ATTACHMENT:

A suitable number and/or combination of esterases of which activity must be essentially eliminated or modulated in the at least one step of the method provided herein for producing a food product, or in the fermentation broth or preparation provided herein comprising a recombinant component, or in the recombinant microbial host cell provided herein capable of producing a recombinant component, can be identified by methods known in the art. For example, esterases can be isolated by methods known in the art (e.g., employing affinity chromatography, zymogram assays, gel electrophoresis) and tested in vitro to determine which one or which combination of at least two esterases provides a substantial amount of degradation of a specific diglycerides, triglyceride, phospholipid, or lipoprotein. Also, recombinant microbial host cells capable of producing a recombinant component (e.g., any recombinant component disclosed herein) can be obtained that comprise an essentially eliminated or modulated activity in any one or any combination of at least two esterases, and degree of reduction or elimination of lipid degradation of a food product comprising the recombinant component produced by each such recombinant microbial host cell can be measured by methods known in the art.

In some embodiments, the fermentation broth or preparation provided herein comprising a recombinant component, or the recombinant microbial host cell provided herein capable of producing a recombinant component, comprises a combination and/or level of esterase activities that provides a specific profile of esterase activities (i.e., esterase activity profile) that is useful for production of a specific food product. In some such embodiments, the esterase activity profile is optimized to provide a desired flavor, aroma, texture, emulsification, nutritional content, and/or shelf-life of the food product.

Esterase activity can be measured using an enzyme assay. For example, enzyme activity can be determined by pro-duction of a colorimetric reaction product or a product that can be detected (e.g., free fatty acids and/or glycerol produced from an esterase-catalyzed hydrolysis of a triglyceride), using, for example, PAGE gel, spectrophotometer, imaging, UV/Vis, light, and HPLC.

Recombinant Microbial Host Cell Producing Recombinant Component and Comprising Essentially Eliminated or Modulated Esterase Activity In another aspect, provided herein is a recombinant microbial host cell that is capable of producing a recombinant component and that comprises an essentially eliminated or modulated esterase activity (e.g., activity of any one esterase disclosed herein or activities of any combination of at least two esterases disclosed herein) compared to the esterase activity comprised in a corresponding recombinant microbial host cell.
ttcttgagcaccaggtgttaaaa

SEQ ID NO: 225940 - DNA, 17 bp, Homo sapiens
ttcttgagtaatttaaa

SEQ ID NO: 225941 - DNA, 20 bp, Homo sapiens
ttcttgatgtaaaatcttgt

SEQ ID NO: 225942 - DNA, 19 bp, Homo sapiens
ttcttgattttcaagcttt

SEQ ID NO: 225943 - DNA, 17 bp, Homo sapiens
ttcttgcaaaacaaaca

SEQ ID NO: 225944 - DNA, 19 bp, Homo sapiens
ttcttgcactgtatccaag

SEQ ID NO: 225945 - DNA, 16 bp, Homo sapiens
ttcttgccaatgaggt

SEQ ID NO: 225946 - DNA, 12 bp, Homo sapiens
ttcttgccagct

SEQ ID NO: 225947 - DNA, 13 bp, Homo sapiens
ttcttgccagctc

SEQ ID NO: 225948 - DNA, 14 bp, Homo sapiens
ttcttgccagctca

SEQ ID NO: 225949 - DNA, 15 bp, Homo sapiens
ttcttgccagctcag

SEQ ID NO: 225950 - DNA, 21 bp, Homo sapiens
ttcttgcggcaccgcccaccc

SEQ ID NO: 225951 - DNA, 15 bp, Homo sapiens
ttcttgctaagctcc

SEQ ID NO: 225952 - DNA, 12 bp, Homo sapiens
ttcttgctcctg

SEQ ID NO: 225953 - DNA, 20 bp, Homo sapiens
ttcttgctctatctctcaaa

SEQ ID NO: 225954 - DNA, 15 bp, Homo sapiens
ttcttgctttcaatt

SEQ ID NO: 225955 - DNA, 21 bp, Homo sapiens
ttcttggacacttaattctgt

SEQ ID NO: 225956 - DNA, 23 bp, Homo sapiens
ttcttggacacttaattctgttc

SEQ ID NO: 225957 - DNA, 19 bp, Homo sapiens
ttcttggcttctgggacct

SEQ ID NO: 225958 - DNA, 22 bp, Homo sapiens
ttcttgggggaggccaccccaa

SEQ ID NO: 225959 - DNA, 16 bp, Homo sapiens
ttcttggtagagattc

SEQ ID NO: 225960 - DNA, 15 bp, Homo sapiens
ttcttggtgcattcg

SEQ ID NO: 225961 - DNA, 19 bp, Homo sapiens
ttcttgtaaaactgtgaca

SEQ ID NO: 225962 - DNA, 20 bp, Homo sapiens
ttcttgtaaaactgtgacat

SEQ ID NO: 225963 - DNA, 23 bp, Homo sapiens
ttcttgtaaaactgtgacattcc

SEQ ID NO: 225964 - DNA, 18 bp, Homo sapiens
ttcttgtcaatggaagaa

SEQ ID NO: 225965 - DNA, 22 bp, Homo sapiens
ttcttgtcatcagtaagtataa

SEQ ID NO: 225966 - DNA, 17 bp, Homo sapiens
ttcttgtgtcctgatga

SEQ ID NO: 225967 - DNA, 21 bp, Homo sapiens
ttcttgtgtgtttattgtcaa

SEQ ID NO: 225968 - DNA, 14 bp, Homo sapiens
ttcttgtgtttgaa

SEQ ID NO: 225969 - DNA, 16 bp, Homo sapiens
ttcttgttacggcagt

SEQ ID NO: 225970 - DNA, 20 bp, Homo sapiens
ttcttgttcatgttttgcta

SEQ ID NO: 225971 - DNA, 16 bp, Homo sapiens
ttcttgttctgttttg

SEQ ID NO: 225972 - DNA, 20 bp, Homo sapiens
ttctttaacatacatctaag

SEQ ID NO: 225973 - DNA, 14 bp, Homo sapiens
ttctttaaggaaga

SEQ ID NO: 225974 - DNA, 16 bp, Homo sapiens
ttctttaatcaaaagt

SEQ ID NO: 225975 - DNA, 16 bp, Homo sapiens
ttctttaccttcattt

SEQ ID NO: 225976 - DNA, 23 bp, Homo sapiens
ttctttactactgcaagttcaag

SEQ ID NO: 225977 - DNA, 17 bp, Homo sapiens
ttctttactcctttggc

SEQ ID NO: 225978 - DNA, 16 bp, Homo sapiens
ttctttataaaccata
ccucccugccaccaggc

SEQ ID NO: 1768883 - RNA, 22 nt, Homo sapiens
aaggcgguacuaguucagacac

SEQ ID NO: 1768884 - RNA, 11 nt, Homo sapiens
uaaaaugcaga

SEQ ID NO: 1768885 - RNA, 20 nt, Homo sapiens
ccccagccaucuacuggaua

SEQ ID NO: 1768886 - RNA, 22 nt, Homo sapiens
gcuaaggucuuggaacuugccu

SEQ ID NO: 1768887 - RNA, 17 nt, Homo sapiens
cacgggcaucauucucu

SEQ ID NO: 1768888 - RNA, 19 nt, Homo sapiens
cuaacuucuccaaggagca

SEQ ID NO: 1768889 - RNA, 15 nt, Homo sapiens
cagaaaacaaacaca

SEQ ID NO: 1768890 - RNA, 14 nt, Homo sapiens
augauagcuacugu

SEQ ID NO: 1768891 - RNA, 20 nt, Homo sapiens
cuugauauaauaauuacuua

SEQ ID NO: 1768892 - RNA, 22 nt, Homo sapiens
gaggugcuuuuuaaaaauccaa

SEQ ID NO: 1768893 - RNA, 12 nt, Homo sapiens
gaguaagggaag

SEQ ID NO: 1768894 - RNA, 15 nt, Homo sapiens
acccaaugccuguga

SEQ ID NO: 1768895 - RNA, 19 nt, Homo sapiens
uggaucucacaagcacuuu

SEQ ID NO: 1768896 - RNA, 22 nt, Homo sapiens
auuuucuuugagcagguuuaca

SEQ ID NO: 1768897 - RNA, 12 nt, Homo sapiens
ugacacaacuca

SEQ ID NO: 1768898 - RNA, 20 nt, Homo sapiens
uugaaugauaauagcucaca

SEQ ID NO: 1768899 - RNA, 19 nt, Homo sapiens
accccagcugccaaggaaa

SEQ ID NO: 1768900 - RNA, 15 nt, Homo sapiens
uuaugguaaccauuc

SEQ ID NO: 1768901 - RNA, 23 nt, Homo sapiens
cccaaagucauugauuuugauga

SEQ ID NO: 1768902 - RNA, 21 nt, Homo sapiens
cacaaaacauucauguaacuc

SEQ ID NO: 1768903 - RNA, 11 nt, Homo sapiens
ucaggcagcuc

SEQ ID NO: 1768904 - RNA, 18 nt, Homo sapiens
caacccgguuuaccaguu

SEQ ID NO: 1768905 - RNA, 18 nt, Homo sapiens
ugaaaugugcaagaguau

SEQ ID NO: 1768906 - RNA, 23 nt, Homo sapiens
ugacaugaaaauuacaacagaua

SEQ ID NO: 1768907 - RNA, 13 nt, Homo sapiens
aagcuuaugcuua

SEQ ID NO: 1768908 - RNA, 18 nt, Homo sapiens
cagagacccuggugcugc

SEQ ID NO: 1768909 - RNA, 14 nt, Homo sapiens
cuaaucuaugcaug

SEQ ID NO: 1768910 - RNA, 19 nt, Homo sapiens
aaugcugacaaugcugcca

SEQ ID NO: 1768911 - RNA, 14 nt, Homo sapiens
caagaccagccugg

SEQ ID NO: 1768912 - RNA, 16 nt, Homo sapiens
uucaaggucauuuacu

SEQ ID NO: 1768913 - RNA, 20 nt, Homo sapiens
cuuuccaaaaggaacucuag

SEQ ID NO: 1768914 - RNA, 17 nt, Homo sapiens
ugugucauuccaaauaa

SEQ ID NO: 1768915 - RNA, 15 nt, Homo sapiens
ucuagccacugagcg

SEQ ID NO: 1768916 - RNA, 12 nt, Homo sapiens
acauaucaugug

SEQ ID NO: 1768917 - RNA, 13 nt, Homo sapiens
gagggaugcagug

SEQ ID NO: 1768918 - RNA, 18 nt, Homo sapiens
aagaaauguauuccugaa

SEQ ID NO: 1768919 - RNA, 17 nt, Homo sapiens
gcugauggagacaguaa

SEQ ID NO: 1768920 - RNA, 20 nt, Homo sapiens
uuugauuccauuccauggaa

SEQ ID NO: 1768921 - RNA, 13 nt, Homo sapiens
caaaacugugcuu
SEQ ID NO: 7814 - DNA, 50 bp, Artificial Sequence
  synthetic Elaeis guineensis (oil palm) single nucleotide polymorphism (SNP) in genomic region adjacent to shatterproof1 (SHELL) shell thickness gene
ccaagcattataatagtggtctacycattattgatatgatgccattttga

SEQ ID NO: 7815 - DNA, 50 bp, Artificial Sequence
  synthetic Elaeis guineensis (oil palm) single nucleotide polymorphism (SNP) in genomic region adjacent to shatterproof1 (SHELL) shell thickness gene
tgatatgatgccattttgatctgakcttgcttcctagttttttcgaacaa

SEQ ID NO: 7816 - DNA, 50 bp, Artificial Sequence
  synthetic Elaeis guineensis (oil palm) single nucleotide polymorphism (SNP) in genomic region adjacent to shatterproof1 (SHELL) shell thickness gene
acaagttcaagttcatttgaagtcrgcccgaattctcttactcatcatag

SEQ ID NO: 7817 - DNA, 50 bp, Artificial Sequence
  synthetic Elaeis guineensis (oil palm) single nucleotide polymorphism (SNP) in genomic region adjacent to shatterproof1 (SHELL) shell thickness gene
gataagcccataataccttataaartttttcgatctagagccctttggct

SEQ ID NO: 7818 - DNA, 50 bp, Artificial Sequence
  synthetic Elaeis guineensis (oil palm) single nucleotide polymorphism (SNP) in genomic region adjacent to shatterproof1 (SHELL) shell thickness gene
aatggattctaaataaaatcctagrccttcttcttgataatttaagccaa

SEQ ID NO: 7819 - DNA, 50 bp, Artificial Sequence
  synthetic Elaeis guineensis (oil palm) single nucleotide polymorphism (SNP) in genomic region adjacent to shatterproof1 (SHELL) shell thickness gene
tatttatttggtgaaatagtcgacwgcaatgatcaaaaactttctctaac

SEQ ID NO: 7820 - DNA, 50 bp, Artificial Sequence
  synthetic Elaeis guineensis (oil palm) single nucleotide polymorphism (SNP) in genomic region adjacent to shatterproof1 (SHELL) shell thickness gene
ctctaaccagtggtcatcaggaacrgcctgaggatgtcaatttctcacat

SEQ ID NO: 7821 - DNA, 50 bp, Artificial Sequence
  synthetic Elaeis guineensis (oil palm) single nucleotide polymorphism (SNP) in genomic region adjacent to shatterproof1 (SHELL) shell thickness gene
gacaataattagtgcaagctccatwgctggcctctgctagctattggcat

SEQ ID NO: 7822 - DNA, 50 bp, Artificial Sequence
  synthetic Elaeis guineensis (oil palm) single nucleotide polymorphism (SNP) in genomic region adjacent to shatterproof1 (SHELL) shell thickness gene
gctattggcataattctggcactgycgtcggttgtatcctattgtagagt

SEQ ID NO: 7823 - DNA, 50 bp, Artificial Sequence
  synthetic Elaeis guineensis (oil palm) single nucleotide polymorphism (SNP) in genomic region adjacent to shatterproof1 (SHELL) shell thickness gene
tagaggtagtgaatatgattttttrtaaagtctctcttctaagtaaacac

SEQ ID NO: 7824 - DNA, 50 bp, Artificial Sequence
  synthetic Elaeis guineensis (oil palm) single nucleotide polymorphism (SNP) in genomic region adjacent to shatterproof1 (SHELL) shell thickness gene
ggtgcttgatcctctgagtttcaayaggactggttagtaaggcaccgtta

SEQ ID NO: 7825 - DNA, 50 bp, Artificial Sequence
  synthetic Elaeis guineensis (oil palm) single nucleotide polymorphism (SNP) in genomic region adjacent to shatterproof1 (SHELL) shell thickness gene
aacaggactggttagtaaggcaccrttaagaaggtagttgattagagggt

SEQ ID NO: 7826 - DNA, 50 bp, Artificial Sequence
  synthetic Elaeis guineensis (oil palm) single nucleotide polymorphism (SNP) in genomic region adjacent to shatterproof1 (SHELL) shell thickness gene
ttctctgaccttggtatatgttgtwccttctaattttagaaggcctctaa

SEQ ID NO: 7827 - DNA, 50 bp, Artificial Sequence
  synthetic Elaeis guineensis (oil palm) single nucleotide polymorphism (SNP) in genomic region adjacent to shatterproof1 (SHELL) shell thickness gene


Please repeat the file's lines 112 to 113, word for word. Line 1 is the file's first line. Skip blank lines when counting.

auuuucuuugagcagguuuaca

SEQ ID NO: 1768897 - RNA, 12 nt, Homo sapiens